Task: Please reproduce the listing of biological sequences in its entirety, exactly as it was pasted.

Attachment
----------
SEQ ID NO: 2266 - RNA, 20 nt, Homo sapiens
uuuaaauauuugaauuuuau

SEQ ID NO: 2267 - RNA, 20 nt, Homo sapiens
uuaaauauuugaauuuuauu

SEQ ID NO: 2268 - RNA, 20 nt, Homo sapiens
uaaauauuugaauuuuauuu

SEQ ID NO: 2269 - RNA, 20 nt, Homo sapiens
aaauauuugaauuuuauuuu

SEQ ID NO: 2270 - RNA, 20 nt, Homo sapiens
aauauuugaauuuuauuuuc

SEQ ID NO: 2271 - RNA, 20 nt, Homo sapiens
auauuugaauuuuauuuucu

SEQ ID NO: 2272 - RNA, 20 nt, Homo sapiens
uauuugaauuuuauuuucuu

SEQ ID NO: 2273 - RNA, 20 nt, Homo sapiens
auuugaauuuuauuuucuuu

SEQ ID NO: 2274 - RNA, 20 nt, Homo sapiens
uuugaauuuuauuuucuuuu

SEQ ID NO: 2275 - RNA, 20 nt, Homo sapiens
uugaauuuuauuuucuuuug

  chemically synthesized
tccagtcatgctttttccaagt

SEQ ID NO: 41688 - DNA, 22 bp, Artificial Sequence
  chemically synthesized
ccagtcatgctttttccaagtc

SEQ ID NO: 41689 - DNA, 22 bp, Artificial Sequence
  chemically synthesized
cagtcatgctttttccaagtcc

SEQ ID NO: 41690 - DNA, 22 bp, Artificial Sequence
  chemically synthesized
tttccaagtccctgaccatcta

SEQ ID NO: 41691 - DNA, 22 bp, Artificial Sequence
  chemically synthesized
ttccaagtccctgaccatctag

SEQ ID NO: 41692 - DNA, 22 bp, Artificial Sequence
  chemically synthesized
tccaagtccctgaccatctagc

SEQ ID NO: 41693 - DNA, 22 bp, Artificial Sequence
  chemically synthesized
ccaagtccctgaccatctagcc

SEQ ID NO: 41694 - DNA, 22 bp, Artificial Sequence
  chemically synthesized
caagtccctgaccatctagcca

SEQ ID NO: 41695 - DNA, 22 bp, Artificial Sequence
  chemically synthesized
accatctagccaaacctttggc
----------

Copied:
SEQ ID NO: 2266 - RNA, 20 nt, Homo sapiens
uuuaaauauuugaauuuuau

SEQ ID NO: 2267 - RNA, 20 nt, Homo sapiens
uuaaauauuugaauuuuauu

SEQ ID NO: 2268 - RNA, 20 nt, Homo sapiens
uaaauauuugaauuuuauuu

SEQ ID NO: 2269 - RNA, 20 nt, Homo sapiens
aaauauuugaauuuuauuuu

SEQ ID NO: 2270 - RNA, 20 nt, Homo sapiens
aauauuugaauuuuauuuuc

SEQ ID NO: 2271 - RNA, 20 nt, Homo sapiens
auauuugaauuuuauuuucu

SEQ ID NO: 2272 - RNA, 20 nt, Homo sapiens
uauuugaauuuuauuuucuu

SEQ ID NO: 2273 - RNA, 20 nt, Homo sapiens
auuugaauuuuauuuucuuu

SEQ ID NO: 2274 - RNA, 20 nt, Homo sapiens
uuugaauuuuauuuucuuuu

SEQ ID NO: 2275 - RNA, 20 nt, Homo sapiens
uugaauuuuauuuucuuuug

  chemically synthesized
tccagtcatgctttttccaagt

SEQ ID NO: 41688 - DNA, 22 bp, Artificial Sequence
  chemically synthesized
ccagtcatgctttttccaagtc

SEQ ID NO: 41689 - DNA, 22 bp, Artificial Sequence
  chemically synthesized
cagtcatgctttttccaagtcc

SEQ ID NO: 41690 - DNA, 22 bp, Artificial Sequence
  chemically synthesized
tttccaagtccctgaccatcta

SEQ ID NO: 41691 - DNA, 22 bp, Artificial Sequence
  chemically synthesized
ttccaagtccctgaccatctag

SEQ ID NO: 41692 - DNA, 22 bp, Artificial Sequence
  chemically synthesized
tccaagtccctgaccatctagc

SEQ ID NO: 41693 - DNA, 22 bp, Artificial Sequence
  chemically synthesized
ccaagtccctgaccatctagcc

SEQ ID NO: 41694 - DNA, 22 bp, Artificial Sequence
  chemically synthesized
caagtccctgaccatctagcca

SEQ ID NO: 41695 - DNA, 22 bp, Artificial Sequence
  chemically synthesized
accatctagccaaacctttggc